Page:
- The Wrong Guy gets a honorable mention for its offside proposal of the No Bullet Theory.
Hitchhiker: His head just did that.
- In the James Woods vehicle True Believer, the only eyewitness to the shooting Woods' client did not commit is a conspiracy-obsessed street person. He has to be coached for hours to answer "Lee Harvey Oswald" when the DA tries to discredit him. Later, when the witness' other loopy claim (the victim was not shot by an Asian man) proves true, Woods throws in the line "Does this mean the phone company killed Kennedy?".
- My Boss's Daughter: "Desi... Arnaz. His life just changed."
- Sneakers includes a brief conversation between former CIA agent Crease and conspiracy theorist "Mother": "You're telling me the NSA killed Kennedy?" "No, they shot him, but they didn't kill him. He's still alive."
- In Bubba Ho Tep, He's Just Hiding in a retirement home with Elvis and fighting an evil mummy. To prevent him from being recognized, the CIA turned him into a black man.
- In the early stages of production on Star Trek II, Gene Roddenberry proposed a storyline in which the time-traveling crew of the Enterprise assassinates JFK to repair a corrupted timeline. Paramount rejected it, of course, and demoted Roddenberry from executive producer to executive consultant.
- In National Treasure II, the heroes find the book with all of the nation's secrets. It had a page with the truth about the JFK assassination on it, but they were in such a hurry to find the next Plot Coupon that they didn't have time to look at it, much to Riley's disappointment.
- Shooter (2007). The ex-sniper protagonist is called in to advise on a planned sniper attempt on the President of the United States, only to discover he's the fall guy for the actual assassination. Later he consults a firearms expert on how the hit could have been carried out, and the JFK assassination theory is discussed.
Mr. Rate: That's how a conspiracy works. Them boys on the Grassy Knoll they were dead within three hours, buried in the damned desert, unmarked graves out past Terlingua.
Nick Memphis: You know this for a fact?
Mr. Rate: Still got the shovel...
- The Captain America (1990) movie showed that The Red Skull trained Oswald, as well as Sirhan Sirhan (Robert Kennedy) and James Earl Ray (Martin Luther King).
- Zoolander reveals that all the major political assassinations of the past few centuries were pulled by the fashion industry. The intrepid reporter notes that Oswald wasn't a model; however, the Conspiracy Theorist reveals, the two guys on the Grassy Knoll were.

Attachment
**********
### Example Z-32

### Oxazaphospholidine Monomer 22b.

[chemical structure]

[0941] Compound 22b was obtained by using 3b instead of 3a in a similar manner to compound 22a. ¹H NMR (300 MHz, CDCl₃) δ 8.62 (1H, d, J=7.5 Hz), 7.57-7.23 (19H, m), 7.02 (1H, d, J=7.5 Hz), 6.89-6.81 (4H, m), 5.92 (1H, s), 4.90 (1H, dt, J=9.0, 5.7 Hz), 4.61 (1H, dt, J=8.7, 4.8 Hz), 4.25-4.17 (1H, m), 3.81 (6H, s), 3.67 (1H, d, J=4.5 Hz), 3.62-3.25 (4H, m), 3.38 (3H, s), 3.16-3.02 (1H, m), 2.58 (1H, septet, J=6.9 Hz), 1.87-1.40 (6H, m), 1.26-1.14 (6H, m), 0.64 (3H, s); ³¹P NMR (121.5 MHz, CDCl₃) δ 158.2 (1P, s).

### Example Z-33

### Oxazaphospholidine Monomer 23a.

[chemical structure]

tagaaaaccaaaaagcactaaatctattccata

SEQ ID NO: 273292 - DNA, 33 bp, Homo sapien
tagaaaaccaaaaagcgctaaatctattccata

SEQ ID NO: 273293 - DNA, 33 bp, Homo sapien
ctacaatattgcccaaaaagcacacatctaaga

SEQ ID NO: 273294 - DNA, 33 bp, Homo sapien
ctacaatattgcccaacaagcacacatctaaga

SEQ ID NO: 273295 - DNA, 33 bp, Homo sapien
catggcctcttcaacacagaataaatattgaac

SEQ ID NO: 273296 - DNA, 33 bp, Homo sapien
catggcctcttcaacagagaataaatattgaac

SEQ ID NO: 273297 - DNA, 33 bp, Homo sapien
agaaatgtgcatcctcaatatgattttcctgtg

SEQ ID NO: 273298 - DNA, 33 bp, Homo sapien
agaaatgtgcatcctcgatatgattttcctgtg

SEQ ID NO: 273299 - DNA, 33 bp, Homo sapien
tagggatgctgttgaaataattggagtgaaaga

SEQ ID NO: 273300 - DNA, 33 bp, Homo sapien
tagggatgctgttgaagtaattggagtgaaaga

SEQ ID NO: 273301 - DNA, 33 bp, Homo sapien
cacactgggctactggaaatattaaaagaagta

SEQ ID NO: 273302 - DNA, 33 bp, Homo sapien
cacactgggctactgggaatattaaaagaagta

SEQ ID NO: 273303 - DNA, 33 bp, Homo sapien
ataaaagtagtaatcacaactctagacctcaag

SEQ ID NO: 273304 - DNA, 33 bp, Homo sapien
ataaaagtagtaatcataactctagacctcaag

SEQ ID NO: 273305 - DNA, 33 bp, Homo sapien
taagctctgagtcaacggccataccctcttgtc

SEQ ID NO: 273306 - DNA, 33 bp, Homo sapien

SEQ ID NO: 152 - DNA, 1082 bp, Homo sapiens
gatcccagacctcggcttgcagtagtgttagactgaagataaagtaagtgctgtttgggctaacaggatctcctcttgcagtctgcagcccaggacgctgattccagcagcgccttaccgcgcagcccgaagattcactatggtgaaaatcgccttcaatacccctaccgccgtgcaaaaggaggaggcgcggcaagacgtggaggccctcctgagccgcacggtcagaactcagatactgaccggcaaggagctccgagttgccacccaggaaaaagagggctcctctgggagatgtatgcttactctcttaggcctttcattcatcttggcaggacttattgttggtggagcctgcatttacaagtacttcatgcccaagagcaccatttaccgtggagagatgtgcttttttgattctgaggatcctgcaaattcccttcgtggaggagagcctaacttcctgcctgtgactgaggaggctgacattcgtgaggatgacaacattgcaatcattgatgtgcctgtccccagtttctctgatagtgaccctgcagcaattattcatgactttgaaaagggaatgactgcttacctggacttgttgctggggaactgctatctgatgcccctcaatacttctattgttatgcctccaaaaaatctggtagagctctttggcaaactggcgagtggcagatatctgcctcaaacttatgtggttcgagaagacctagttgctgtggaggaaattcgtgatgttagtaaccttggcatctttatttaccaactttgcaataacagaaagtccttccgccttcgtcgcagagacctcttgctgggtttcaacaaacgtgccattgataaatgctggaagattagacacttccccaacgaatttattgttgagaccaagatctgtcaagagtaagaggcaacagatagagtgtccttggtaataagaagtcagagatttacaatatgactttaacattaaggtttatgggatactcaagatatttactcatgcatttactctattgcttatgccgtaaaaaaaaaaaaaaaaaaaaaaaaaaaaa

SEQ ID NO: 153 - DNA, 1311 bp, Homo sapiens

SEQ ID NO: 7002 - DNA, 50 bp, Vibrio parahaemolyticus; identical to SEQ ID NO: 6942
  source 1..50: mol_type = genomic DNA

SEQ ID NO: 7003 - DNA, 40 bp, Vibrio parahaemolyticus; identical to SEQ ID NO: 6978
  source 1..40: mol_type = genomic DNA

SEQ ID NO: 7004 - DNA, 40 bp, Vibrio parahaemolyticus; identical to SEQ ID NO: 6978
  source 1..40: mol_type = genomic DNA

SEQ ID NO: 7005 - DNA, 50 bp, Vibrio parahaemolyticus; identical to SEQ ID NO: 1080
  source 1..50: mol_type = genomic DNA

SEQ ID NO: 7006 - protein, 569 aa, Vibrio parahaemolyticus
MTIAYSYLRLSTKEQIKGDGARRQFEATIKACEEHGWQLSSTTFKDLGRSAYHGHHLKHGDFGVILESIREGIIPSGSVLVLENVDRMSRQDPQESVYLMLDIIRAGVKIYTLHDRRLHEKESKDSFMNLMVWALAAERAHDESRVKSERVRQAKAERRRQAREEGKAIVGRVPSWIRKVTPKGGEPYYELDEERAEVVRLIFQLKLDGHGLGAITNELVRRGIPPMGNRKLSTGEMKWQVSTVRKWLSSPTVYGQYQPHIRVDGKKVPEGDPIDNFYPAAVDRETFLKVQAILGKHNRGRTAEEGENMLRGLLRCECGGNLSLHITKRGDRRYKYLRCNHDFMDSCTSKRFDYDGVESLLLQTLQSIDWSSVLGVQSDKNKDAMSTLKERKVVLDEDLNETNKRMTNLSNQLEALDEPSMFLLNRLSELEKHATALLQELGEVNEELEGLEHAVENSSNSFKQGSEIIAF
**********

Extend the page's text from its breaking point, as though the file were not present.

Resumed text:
- As noted in the Comics section above, the film version of Watchmen depicts The Comedian as Kennedy's killer, in league with Richard Nixon. The comic, however, only implies this. It further implies that Blake posed as an informant (presumably Deep Throat) and killed Woodward and Bernstein.
- Flash Point (1984). Two Texas Rangers discover a buried jeep with a skeleton, a rifle, and $800,000 in cash out in the desert. They think their fortunes are made; unfortunately it turns out the dead man was the real assassin of JFK and so the US Government is willing to go to great lengths to destroy the evidence, and anyone who's seen it.
- In Ace Ventura: Pet Detective, Ace loudly explains "I CAME TO CONFESS! I was the second gunman on the grassy knoll!" when his (unwanted) presence at the police station is questioned.
- In Annie Hall Woody Allen's character flashes back to him arguing with one of his ex-wives played by Carol Kane about who killed JFK.
- One of the skits in the comedy film The Kentucky Fried Movie is a commercial for the board game "Scot Free" about the JFK assassination.
- Salt: Salt (played by Angelina Jolie) interviews an aging former Soviet agent, who claims that Lee Harvey Oswald was substituted with a Soviet Body Double early on during his time in Russia, who went on to carry out the shooting.
- In The House of Yes, the main character confuses JFK's murder with the (possible) murder of her father, implicating that her mother killed JFK. She was not well.
- In The Salton Sea, Vincent D'Onofrio's character "Pooh-Bear" is introduced re-enacting the assassination... with pigeons!
- Matt Vaughn has said he wants to open a sequel to X-Men: First Class with Magneto killing Kennedy by controlling the Magic Bullet with his powers.